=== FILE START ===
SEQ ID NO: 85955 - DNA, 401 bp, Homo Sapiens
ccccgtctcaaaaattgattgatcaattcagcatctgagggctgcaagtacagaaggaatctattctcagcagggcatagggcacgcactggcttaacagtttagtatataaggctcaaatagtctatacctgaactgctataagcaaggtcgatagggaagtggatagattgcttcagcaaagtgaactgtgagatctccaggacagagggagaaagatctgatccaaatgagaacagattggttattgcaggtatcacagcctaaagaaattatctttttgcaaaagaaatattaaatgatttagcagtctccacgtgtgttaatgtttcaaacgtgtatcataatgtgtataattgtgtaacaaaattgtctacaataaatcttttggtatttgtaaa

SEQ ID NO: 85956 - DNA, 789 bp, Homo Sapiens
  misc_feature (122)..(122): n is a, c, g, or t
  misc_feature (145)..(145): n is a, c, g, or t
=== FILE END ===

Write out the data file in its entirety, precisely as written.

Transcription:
SEQ ID NO: 85955 - DNA, 401 bp, Homo Sapiens
ccccgtctcaaaaattgattgatcaattcagcatctgagggctgcaagtacagaaggaatctattctcagcagggcatagggcacgcactggcttaacagtttagtatataaggctcaaatagtctatacctgaactgctataagcaaggtcgatagggaagtggatagattgcttcagcaaagtgaactgtgagatctccaggacagagggagaaagatctgatccaaatgagaacagattggttattgcaggtatcacagcctaaagaaattatctttttgcaaaagaaatattaaatgatttagcagtctccacgtgtgttaatgtttcaaacgtgtatcataatgtgtataattgtgtaacaaaattgtctacaataaatcttttggtatttgtaaa

SEQ ID NO: 85956 - DNA, 789 bp, Homo Sapiens
  misc_feature (122)..(122): n is a, c, g, or t
  misc_feature (145)..(145): n is a, c, g, or t